Wadsworth Falls State ParkMiddlefield/Middletown, CT
Enjoy hiking or biking 4.5 miles of varied trails or explore the park’s namesake falls. For a longer stay, head to the park’s designated swimming and picnic area, fish the cold waters of the Coginchaug River, and relax beneath great hemlocks and noble oak where nature provides her own air conditioning.
Wadsworth Falls was designated as a park in 1942. Please note that swimming and picnicking are prohibited at the Big Falls — it is an area intended for short visits to view the scenic falls.
721 Wadsworth Street
Middlefield/Middletown, CT 06457
(8:00 a.m. – Sunset)
Main (860) 345-8521
The youngest rocks in Connecticut lie in the central part of the state. Wadsworth Falls State Park is made up of those young rocks, only about 200 million years old. About 250 million years ago all of Earth's land made up one huge continent called Pangea. It began to break up about that time, with large pieces of continental crust moving in various directions. What is now North America broke away from present-day Europe and Africa. As this occurred, tension fractures formed in the land, such as happen if you try to stretch cookie dough or modeling clay. Two such fractures formed in central Connecticut, allowing a long narrow valley to drop below the level of the surrounding land.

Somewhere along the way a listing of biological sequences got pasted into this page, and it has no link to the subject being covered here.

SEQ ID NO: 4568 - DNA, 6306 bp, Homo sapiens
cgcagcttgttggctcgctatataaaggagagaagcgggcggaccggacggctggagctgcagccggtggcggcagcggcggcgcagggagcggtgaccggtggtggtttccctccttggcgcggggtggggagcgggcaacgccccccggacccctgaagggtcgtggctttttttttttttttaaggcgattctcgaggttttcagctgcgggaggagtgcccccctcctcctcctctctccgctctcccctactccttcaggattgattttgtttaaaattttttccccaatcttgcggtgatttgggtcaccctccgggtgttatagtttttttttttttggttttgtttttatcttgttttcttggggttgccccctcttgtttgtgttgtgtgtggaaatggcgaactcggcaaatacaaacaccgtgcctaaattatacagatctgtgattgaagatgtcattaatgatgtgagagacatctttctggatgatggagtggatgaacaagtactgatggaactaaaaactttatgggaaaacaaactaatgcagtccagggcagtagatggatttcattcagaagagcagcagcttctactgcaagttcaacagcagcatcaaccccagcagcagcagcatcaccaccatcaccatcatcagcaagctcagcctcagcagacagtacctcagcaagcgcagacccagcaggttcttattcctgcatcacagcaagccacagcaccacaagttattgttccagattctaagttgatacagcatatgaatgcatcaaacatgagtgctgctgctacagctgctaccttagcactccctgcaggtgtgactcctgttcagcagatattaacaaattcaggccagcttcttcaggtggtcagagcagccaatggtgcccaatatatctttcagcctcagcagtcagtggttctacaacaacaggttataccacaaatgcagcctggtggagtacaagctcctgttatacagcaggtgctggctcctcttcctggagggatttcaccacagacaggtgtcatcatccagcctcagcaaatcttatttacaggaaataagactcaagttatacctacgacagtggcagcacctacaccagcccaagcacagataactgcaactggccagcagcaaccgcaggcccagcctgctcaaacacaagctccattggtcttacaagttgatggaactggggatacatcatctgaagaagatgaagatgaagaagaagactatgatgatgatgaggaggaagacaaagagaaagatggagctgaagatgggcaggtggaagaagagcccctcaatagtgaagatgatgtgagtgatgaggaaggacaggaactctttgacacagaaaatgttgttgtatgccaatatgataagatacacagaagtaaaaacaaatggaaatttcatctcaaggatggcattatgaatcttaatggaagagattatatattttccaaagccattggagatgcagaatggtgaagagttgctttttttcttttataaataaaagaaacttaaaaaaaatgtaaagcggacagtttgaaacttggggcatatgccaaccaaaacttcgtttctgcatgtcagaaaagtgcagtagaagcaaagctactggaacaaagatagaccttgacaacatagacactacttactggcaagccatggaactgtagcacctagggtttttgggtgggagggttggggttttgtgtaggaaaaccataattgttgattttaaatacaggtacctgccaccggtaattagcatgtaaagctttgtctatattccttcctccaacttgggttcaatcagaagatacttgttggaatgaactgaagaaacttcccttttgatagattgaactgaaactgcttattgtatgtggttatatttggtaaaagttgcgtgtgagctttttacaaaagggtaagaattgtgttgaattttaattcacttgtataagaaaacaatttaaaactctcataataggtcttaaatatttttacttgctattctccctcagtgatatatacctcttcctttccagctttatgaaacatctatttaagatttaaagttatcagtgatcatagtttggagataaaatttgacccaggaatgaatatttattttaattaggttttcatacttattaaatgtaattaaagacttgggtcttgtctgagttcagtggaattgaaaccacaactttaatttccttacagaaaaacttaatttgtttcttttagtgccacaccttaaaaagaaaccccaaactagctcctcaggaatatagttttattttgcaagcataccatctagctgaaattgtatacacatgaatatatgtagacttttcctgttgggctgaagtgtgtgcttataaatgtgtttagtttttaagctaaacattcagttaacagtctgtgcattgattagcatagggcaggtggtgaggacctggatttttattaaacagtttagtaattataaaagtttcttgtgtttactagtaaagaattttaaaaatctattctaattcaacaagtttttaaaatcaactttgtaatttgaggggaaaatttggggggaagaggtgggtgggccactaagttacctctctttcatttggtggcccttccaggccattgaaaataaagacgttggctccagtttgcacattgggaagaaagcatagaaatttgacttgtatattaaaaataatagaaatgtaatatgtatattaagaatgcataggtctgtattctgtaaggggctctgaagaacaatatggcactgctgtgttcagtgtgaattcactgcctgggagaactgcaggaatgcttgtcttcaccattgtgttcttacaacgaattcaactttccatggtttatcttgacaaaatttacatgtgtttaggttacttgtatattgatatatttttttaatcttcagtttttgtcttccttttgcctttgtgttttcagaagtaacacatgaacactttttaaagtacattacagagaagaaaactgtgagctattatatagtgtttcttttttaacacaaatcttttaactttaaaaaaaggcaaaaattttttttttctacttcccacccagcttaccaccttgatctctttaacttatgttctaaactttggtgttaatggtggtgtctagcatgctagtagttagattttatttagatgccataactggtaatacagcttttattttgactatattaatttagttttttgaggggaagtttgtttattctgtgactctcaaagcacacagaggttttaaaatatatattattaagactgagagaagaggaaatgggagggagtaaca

Sediments from the surrounding highlands washed into the basin. Deep fractures formed in some places and lava flowed up to the surface from the upper mantle. Three such lava flows filled the valley and covered the surrounding uplands. In between the flows, sediments continued to flow into the still dropping valley. We now have a pile of sedimentary rock (made from the sediments), lava flow, sedimentary rock, lava flow, sedimentary rock, lava flow, sedimentary rock. Finally, the eastern side of the valley dropped faster than the western side, so now the rocks all dip toward the east. Over the intervening 200 million years, the higher uplands have eroded down so they are now much lower than they were and the basalts have all been eroded off of them. Basalts are now found only in the valley, where their lower elevation protected them from erosion.
Rock Types Found on Main Trail:
Igneous (Basalt), Sedimentary (Arkose)
Hampden Basalt (Jurassic): dark gray, orange- to brown weathering basalt; Portland Arkose (Jurassic): reddish-brown arkose (sandstone)
Interesting Geologic Features:
Differential weathering, Cross-bedding, Columnar basalt, Basalt vesicles, Two basalt flows
FREE – In-State Registered Vehicles
$10 – Out-of-State Vehicles (Weekdays)
$15 – Out-of-State Vehicles (Weekends/Holidays)
$112 – Out-of-State Vehicles (Season Pass)
Yes, on leash (except beach)